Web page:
Easter Monday was a holiday here so time for another day of exploration. Friends from Toledo, Dick and Linda Ward, joined John and Rachel, Chayah and Noah, and Chuck and I for a visit to the Curonian Spit. You might remember that when we first saw it, the dunes were covered with snow. There are several things to see out there so even a second trip did not cover everything. We took a bus from Klaipeda which crossed over the lagoon to the spit on a ferry. Noah liked the boat but was disappointed there were no fairies.
This trip we went as far as Juodkrante which is about half way down the spit. The day was sunny and not so cold–lovely. We had lunch at a nice little restaurant and then took a walk up the Witches’ Hill and across the spit to the Baltic. The children kept up wonderfully–in fact they walked ahead with “Papa Chuck” while Old Grandma Bonnie hobbled along–last in line.(The spirit is willing but the flesh is weak.) Witches’ Hill has many interesting wood carvings along the way, most of them representing characters from folk tales which we are not familiar with, and some of witches, and devils.
Pretty lunch! Sort of Chicken Kiev with spinach, ham, and cheese.
John photographs entrance to Witches' Hill.
A funny bench--a heavy load for the characters carrying us.
My favorite carving,
Probably an interesting story here.
One more example of these interesting carvings.
Hiking with Grandpa.
We reach the Baltic. This beach stretches for miles and I'm sure John and Rachel will be visiting it several times this summer.
Here are a few Lithuanian curiosities to share with you.
First: Juice in Lithuania. I have been amazed at the large variety of juice available here. Not only do they have the familiar Orange, Cranberry, Tomato, Pineapple, Apple, Grapefruit, and Grape–they also have Peach, Pear, Blueberry, Plum, Cherry, Blackberry, Red Orange, Kumquat, and even Banana juice. There are also mixtures as we have. I had never even realized Bananas have juice. The juice display takes up quite a lot of shelf space in all the grocery stores and Chuck has tried quite a few varieties. I stick to OJ.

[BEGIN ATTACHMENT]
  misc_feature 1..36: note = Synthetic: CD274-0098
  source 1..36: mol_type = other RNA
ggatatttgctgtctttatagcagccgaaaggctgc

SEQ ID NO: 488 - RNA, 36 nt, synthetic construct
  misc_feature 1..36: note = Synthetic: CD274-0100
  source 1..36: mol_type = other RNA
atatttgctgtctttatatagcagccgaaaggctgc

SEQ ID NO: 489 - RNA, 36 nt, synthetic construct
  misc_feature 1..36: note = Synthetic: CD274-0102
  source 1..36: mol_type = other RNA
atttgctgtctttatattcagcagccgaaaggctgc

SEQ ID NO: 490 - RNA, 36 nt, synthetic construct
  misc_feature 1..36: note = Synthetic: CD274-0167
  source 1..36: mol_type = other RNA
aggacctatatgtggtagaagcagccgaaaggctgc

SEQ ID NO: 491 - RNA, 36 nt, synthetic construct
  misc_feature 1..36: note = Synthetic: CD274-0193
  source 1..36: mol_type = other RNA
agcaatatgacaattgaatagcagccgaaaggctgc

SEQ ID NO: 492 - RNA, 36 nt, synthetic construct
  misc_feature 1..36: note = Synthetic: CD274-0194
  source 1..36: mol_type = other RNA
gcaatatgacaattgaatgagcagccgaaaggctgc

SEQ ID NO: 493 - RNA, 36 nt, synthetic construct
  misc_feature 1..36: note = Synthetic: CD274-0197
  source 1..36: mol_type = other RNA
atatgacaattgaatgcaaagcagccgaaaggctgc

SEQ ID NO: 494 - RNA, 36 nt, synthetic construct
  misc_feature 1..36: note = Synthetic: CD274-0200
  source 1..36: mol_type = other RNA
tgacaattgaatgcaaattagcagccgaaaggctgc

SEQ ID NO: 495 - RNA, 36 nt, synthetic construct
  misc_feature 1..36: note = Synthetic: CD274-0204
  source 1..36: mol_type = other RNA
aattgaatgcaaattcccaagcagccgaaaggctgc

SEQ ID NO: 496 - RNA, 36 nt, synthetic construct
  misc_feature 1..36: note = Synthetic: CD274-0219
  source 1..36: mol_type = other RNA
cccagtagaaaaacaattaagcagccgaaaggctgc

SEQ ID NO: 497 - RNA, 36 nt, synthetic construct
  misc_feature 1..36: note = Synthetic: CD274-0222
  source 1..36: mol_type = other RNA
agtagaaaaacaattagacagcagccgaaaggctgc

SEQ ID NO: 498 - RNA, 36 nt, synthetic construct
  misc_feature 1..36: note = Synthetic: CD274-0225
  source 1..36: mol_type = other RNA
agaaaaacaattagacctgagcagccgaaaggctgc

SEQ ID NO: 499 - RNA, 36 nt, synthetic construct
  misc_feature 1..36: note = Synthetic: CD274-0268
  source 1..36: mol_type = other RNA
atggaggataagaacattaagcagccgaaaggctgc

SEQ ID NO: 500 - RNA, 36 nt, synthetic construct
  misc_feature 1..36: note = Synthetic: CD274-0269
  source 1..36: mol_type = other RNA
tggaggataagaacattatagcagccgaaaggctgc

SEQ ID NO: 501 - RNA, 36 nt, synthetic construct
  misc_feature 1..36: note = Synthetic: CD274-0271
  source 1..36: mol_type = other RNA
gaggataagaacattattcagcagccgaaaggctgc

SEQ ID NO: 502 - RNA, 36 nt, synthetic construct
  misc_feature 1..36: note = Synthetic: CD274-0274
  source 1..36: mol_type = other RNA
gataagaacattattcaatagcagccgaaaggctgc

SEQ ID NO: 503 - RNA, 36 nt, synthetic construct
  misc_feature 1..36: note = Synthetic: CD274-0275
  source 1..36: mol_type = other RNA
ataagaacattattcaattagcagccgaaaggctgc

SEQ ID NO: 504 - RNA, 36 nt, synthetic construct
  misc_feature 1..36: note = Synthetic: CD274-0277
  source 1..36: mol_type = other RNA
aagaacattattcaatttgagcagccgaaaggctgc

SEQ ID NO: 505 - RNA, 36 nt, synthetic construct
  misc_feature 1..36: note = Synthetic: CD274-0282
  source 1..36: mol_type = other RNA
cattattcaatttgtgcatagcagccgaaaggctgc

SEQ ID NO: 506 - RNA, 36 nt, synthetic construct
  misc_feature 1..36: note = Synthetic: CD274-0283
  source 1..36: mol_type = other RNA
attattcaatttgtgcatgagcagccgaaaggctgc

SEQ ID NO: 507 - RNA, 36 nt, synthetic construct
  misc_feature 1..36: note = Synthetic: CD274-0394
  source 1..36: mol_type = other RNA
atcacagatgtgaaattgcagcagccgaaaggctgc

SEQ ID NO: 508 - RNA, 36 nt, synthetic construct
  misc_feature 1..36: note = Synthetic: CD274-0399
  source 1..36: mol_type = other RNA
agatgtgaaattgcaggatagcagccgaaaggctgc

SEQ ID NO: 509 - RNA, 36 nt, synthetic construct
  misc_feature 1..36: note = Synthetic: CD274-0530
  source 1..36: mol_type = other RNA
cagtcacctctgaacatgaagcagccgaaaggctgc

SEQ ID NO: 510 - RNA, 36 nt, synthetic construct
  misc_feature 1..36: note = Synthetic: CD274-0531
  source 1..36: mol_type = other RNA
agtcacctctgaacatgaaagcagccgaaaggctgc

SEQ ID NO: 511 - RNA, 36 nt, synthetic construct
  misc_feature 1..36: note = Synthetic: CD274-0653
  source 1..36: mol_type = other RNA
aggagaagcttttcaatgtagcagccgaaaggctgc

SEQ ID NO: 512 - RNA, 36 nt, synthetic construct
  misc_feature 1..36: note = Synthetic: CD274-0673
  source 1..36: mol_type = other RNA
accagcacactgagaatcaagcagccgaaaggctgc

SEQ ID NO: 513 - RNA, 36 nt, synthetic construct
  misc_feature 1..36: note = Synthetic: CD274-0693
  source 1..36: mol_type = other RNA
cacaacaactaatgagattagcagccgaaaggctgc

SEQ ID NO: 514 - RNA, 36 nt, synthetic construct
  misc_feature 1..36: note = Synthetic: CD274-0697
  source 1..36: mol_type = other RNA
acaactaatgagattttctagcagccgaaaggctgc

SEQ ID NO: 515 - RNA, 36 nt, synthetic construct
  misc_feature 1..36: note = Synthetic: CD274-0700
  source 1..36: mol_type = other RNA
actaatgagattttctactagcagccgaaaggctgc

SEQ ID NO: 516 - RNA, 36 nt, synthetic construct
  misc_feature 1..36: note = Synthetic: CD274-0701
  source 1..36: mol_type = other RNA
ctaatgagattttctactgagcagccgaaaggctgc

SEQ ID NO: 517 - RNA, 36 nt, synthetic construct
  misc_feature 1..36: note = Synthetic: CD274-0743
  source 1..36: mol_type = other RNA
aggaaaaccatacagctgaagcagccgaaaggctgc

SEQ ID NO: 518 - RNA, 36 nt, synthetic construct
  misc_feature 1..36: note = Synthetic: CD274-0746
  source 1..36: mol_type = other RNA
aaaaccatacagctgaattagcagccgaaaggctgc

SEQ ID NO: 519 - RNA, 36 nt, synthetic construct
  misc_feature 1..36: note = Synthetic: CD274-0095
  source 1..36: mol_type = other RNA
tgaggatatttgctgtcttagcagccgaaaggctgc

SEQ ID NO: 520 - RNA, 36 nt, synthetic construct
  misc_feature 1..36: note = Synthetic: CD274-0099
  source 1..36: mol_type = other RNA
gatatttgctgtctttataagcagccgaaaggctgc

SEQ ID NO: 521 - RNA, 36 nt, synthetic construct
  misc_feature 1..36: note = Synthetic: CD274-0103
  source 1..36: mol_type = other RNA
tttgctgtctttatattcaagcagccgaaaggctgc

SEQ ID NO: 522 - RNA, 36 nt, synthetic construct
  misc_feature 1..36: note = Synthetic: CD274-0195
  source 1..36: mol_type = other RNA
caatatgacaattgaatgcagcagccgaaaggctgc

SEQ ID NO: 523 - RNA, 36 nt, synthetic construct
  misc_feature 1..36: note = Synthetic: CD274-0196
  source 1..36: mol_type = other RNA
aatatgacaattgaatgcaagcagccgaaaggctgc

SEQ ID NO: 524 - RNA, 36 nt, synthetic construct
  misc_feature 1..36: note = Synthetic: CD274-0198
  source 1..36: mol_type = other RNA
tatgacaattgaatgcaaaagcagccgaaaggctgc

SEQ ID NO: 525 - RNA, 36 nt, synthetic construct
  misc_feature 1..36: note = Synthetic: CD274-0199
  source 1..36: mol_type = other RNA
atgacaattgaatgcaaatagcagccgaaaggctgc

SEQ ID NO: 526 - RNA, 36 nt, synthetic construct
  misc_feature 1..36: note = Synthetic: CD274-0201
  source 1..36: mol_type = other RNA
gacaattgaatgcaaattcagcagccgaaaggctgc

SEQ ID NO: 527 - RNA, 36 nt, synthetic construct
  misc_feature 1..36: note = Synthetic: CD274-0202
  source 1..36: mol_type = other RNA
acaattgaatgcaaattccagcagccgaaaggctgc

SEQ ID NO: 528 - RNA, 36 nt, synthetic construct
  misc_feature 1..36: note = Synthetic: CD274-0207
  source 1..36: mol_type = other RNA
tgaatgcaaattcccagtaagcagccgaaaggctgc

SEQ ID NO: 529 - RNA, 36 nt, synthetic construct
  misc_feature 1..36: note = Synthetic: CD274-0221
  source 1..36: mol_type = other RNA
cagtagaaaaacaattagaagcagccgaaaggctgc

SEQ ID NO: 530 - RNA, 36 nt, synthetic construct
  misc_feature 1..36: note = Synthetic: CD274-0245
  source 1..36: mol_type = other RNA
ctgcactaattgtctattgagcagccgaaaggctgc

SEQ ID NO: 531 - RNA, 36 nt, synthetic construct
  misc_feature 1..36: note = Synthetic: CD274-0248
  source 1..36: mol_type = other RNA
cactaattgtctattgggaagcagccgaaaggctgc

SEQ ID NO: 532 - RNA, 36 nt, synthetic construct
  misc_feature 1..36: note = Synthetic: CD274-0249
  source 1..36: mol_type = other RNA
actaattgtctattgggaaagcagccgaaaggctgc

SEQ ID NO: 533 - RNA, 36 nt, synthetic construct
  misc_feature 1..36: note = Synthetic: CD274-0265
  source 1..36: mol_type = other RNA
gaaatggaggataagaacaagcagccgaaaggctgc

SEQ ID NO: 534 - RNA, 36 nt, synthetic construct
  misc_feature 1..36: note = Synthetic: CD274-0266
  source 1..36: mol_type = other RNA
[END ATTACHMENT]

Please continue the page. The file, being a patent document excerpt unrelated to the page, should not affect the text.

Juice as far as the eye can see
Packaging of Ice Cream: Not all of it is packaged like this, but I’m sure you can imagine how difficult it is to deal with ice cream in a flimsy paper tube. Sometimes Ice Cream is named “Cow Candy.”
Ice Cream roll.
Napkins: Sorry, no photo. When you go out to a restaurant, there is a napkin holder on the table which has cocktail size napkins in it. Only once have I gotten a normal dinner napkin. When we went to the Lithuanian home, we also got the very small napkins. The larger ones are available in the stores but not the big packs we are used to. I suppose Lithuanians are much neater than we are and don’t need to wipe up as much. Obviously, they do not eat fried chicken.
Here is the most popular appetizer in Lithuania, Kepta Duona which means fried bread. The dark bread is cut into strips, and fried and then served, usually, with a sort of cheese sauce on top. It has a very strong garlic flavor. Nearly every restaurant offers this. We like it.
Would you believe that, with the exception of about 1 hour of Animal Planet when we first got TV in our apartment (in February), we have not seen any TV since leaving home and don’t miss it? Would you believe that I have not seen one airplane since we arrived on one in Vilnius–not even when traveling? In the US, planes are always going over somewhere but here we are definitely not under any airline routes.
That’s it for today!